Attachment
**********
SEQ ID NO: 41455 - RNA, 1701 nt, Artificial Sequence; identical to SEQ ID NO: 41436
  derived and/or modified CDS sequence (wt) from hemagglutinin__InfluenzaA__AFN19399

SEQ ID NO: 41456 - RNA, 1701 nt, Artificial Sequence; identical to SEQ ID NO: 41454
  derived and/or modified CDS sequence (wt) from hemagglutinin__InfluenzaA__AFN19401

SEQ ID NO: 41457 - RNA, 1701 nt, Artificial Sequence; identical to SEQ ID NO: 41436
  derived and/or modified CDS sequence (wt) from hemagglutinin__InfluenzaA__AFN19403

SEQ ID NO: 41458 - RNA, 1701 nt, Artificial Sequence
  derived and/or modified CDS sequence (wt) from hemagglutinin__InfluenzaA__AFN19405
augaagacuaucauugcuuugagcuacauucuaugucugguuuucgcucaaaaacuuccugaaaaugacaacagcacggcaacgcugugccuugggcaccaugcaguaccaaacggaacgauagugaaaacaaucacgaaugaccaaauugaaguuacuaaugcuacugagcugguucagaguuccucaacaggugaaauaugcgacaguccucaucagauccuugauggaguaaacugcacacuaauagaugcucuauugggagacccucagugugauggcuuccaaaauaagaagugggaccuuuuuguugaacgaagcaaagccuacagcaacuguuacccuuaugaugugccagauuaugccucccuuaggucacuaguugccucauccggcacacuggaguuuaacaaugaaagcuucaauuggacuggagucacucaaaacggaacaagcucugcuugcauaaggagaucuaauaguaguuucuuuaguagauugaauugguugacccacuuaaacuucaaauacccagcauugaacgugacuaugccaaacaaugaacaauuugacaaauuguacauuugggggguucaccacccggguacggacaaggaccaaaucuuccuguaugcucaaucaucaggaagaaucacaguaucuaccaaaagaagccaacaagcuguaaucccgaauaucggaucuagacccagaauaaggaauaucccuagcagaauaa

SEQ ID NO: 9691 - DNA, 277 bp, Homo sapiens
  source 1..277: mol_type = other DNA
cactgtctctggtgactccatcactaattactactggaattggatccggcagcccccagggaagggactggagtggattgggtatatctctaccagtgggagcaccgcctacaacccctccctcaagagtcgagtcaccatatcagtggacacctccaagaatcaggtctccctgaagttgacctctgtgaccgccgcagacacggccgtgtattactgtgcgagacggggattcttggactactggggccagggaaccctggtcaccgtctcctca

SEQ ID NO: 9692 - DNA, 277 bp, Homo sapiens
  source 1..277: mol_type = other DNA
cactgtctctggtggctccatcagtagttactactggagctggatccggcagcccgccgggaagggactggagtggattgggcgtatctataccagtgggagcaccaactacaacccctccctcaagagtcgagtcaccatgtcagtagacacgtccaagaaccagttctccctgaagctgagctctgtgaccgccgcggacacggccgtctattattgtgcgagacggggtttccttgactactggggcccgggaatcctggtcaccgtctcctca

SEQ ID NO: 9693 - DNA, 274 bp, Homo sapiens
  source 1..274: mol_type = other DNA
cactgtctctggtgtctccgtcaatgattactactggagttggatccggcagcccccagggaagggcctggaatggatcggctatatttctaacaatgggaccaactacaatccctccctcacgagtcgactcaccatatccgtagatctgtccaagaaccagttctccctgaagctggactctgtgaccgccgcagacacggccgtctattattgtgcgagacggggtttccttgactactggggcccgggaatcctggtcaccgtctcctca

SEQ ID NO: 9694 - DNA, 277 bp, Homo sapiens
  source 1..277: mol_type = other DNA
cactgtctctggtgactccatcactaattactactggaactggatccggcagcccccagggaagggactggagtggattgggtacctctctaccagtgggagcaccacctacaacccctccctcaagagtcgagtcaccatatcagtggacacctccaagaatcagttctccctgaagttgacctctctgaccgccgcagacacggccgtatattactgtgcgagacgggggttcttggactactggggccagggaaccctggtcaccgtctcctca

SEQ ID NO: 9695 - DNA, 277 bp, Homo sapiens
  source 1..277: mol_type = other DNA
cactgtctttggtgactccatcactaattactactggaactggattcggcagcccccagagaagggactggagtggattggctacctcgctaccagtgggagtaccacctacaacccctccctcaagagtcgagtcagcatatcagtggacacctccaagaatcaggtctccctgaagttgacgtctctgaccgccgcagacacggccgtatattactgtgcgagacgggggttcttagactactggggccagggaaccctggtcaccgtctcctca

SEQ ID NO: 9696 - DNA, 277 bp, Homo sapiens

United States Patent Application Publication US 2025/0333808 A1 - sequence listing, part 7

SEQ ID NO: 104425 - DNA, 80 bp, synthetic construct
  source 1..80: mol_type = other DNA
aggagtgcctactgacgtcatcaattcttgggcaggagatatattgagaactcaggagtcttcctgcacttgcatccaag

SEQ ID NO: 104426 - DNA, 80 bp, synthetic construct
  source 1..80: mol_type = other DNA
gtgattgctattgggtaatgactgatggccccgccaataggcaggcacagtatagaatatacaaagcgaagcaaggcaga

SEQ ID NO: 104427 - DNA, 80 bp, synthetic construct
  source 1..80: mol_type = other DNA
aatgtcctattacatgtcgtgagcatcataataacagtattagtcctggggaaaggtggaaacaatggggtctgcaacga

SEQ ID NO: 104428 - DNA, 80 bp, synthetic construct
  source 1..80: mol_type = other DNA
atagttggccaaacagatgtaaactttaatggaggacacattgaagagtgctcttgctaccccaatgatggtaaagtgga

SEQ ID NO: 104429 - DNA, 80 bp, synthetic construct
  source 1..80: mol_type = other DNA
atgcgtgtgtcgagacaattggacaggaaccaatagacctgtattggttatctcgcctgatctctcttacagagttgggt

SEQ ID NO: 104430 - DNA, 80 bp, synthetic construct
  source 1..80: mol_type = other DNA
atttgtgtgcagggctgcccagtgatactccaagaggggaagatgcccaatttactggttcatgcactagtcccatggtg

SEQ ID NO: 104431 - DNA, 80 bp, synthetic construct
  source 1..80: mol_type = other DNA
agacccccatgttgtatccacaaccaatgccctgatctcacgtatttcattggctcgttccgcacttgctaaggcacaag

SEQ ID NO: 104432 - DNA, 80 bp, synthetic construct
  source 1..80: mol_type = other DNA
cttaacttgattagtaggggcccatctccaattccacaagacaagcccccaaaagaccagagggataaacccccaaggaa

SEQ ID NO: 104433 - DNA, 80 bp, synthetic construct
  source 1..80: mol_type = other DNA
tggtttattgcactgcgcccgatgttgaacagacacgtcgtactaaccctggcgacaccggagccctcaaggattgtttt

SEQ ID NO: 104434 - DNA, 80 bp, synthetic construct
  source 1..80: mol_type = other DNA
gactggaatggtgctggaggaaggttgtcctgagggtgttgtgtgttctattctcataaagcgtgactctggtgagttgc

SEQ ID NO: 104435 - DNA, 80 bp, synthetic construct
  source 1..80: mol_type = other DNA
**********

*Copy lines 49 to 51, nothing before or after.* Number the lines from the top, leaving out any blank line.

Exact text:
  source 1..80: mol_type = other DNA
cttaacttgattagtaggggcccatctccaattccacaagacaagcccccaaaagaccagagggataaacccccaaggaa

SEQ ID NO: 104433 - DNA, 80 bp, synthetic construct